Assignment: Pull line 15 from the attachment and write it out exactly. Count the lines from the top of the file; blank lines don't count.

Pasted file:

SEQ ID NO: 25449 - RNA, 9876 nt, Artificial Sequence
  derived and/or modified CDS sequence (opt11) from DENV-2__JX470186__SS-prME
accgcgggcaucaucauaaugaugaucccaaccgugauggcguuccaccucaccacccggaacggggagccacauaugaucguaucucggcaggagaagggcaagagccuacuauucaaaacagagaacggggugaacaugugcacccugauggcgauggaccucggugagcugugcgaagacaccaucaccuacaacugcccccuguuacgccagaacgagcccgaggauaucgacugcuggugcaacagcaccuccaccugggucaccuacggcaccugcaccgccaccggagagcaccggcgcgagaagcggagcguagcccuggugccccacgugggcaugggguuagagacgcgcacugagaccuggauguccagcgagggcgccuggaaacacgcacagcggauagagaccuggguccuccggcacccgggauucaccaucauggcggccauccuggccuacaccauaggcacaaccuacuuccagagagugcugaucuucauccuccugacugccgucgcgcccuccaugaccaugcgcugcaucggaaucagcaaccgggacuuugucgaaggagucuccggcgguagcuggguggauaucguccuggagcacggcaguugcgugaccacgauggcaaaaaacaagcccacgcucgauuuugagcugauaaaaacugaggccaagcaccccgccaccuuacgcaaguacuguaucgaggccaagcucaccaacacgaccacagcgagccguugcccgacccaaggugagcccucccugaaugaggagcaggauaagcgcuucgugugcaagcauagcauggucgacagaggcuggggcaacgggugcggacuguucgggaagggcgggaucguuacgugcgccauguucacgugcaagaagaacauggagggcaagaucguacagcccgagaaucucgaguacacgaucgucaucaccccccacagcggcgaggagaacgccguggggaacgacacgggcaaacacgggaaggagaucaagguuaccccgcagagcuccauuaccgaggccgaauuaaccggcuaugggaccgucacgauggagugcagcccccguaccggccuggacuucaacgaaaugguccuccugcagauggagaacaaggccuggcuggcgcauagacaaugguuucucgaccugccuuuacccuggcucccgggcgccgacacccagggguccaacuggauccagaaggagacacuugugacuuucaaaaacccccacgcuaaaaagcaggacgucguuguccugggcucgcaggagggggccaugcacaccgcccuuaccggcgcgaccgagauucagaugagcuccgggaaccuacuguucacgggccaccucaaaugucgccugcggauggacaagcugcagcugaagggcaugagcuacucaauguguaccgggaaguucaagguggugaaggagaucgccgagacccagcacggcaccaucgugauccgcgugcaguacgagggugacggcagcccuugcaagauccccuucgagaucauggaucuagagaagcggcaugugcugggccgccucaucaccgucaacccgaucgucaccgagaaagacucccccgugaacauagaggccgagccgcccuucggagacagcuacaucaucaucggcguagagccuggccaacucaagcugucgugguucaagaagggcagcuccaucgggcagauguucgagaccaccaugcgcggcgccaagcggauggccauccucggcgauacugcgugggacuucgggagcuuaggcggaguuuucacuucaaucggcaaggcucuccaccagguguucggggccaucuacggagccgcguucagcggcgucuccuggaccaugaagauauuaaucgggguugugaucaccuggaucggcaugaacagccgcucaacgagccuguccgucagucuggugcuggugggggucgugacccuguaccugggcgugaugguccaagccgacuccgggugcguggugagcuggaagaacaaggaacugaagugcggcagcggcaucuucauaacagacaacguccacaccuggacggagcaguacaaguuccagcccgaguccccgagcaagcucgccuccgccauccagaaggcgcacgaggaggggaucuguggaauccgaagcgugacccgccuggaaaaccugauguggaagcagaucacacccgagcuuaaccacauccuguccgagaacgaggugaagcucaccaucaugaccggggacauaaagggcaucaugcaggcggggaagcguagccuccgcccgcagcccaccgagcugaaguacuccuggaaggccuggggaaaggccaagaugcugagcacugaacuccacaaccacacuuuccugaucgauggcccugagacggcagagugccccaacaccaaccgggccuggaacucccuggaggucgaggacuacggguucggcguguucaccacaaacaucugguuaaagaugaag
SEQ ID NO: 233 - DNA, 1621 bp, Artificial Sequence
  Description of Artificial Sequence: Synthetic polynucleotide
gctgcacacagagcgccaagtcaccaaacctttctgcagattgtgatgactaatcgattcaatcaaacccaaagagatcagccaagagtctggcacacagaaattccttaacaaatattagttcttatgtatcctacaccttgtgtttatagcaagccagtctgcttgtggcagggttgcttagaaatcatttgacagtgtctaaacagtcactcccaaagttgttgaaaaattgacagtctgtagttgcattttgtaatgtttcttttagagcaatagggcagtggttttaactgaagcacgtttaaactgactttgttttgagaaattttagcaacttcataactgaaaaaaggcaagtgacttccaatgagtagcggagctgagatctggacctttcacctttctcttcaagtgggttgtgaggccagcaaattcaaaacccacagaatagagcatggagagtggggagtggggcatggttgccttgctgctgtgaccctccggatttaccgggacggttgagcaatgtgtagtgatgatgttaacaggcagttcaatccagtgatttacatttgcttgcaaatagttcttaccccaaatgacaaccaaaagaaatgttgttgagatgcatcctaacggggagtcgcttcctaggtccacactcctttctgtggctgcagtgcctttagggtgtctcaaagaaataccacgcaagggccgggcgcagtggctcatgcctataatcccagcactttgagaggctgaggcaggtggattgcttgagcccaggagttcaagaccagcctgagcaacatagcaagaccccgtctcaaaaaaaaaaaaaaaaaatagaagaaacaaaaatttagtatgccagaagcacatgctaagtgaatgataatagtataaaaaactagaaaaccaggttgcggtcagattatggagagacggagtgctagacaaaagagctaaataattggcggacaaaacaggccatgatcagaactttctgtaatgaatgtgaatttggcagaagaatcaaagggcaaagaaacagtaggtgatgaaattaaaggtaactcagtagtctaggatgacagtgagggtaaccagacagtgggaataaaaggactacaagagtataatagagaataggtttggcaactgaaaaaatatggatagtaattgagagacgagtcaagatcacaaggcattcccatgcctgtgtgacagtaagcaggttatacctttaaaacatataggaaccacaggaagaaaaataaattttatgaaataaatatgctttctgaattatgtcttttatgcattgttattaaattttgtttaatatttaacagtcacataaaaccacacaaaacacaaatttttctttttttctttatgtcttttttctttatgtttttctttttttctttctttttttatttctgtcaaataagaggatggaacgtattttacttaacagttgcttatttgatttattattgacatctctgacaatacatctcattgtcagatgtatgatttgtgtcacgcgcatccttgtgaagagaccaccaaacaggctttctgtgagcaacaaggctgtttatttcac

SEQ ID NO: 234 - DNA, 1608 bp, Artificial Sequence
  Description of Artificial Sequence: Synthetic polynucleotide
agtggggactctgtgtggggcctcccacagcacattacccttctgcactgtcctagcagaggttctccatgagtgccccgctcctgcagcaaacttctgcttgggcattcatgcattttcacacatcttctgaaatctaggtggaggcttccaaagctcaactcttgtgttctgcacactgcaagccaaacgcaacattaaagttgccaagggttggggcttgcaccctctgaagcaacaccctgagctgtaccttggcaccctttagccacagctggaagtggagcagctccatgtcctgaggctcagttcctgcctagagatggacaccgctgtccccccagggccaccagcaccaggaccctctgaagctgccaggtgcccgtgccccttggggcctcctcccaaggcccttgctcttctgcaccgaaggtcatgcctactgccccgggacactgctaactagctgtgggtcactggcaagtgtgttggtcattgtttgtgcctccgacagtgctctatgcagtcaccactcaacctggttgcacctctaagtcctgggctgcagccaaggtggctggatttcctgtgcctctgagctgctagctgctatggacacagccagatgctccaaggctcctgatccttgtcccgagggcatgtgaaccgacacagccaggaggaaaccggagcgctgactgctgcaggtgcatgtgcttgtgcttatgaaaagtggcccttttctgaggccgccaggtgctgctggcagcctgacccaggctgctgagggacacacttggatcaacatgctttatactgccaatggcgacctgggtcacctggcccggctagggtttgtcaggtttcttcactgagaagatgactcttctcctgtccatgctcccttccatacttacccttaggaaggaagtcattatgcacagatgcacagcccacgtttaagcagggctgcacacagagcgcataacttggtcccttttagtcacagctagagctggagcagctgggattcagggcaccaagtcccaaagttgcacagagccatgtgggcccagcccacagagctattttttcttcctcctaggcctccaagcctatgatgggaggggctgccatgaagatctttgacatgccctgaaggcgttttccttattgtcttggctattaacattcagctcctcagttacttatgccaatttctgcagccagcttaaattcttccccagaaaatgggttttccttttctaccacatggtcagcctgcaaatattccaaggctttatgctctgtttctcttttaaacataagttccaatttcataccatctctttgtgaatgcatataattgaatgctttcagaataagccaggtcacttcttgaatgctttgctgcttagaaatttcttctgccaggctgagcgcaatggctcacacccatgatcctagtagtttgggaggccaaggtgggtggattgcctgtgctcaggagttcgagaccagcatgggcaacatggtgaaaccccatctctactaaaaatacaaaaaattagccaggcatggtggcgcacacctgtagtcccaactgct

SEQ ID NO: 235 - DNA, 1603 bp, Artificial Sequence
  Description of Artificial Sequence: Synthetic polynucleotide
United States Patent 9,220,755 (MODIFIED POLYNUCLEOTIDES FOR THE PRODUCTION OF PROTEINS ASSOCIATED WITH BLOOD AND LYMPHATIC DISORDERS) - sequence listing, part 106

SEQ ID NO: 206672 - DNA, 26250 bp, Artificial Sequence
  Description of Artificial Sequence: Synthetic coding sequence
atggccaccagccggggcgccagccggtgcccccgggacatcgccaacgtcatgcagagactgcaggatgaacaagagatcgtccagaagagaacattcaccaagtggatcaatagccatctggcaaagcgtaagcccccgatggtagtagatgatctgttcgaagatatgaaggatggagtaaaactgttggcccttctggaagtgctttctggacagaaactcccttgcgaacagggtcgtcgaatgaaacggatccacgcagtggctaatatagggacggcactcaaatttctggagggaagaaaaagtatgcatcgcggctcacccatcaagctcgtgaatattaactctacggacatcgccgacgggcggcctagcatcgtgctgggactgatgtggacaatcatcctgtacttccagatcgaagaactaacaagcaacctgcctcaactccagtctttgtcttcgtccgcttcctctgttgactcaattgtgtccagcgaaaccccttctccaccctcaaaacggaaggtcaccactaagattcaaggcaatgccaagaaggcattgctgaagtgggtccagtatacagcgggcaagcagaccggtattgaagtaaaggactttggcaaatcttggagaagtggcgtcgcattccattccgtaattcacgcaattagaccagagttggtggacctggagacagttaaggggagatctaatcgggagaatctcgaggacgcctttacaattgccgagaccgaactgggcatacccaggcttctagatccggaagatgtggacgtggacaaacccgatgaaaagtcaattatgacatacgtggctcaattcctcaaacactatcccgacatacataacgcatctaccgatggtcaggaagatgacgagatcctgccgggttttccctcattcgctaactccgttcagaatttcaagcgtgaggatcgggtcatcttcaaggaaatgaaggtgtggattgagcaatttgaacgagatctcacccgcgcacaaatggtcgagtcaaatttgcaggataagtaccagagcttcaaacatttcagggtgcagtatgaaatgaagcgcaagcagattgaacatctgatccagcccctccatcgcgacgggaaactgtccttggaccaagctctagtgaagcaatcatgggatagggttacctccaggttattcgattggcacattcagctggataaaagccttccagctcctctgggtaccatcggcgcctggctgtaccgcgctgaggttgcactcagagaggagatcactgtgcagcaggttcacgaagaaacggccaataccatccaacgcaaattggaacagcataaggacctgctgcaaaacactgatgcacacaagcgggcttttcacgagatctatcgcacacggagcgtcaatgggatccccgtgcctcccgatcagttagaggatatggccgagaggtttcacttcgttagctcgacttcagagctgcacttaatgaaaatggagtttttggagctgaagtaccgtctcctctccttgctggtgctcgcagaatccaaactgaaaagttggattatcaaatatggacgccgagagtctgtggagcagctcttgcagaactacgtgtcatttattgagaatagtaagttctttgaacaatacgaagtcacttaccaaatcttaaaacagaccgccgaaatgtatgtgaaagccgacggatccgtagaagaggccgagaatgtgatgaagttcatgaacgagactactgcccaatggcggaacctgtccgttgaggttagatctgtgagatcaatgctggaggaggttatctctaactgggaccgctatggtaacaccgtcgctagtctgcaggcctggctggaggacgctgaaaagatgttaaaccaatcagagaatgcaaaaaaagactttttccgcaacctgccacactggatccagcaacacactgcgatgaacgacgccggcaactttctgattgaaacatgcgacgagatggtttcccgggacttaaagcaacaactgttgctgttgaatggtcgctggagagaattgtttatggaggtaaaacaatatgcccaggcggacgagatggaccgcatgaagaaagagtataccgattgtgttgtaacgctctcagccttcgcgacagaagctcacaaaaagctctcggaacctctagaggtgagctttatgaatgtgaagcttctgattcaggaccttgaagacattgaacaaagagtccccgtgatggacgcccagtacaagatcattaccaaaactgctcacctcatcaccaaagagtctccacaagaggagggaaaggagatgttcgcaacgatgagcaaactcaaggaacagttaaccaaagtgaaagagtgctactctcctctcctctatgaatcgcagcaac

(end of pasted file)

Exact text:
atggccaccagccggggcgccagccggtgcccccgggacatcgccaacgtcatgcagagactgcaggatgaacaagagatcgtccagaagagaacattcaccaagtggatcaatagccatctggcaaagcgtaagcccccgatggtagtagatgatctgttcgaagatatgaaggatggagtaaaactgttggcccttctggaagtgctttctggacagaaactcccttgcgaacagggtcgtcgaatgaaacggatccacgcagtggctaatatagggacggcactcaaatttctggagggaagaaaaagtatgcatcgcggctcacccatcaagctcgtgaatattaactctacggacatcgccgacgggcggcctagcatcgtgctgggactgatgtggacaatcatcctgtacttccagatcgaagaactaacaagcaacctgcctcaactccagtctttgtcttcgtccgcttcctctgttgactcaattgtgtccagcgaaaccccttctccaccctcaaaacggaaggtcaccactaagattcaaggcaatgccaagaaggcattgctgaagtgggtccagtatacagcgggcaagcagaccggtattgaagtaaaggactttggcaaatcttggagaagtggcgtcgcattccattccgtaattcacgcaattagaccagagttggtggacctggagacagttaaggggagatctaatcgggagaatctcgaggacgcctttacaattgccgagaccgaactgggcatacccaggcttctagatccggaagatgtggacgtggacaaacccgatgaaaagtcaattatgacatacgtggctcaattcctcaaacactatcccgacatacataacgcatctaccgatggtcaggaagatgacgagatcctgccgggttttccctcattcgctaactccgttcagaatttcaagcgtgaggatcgggtcatcttcaaggaaatgaaggtgtggattgagcaatttgaacgagatctcacccgcgcacaaatggtcgagtcaaatttgcaggataagtaccagagcttcaaacatttcagggtgcagtatgaaatgaagcgcaagcagattgaacatctgatccagcccctccatcgcgacgggaaactgtccttggaccaagctctagtgaagcaatcatgggatagggttacctccaggttattcgattggcacattcagctggataaaagccttccagctcctctgggtaccatcggcgcctggctgtaccgcgctgaggttgcactcagagaggagatcactgtgcagcaggttcacgaagaaacggccaataccatccaacgcaaattggaacagcataaggacctgctgcaaaacactgatgcacacaagcgggcttttcacgagatctatcgcacacggagcgtcaatgggatccccgtgcctcccgatcagttagaggatatggccgagaggtttcacttcgttagctcgacttcagagctgcacttaatgaaaatggagtttttggagctgaagtaccgtctcctctccttgctggtgctcgcagaatccaaactgaaaagttggattatcaaatatggacgccgagagtctgtggagcagctcttgcagaactacgtgtcatttattgagaatagtaagttctttgaacaatacgaagtcacttaccaaatcttaaaacagaccgccgaaatgtatgtgaaagccgacggatccgtagaagaggccgagaatgtgatgaagttcatgaacgagactactgcccaatggcggaacctgtccgttgaggttagatctgtgagatcaatgctggaggaggttatctctaactgggaccgctatggtaacaccgtcgctagtctgcaggcctggctggaggacgctgaaaagatgttaaaccaatcagagaatgcaaaaaaagactttttccgcaacctgccacactggatccagcaacacactgcgatgaacgacgccggcaactttctgattgaaacatgcgacgagatggtttcccgggacttaaagcaacaactgttgctgttgaatggtcgctggagagaattgtttatggaggtaaaacaatatgcccaggcggacgagatggaccgcatgaagaaagagtataccgattgtgttgtaacgctctcagccttcgcgacagaagctcacaaaaagctctcggaacctctagaggtgagctttatgaatgtgaagcttctgattcaggaccttgaagacattgaacaaagagtccccgtgatggacgcccagtacaagatcattaccaaaactgctcacctcatcaccaaagagtctccacaagaggagggaaaggagatgttcgcaacgatgagcaaactcaaggaacagttaaccaaagtgaaagagtgctactctcctctcctctatgaatcgcagcaac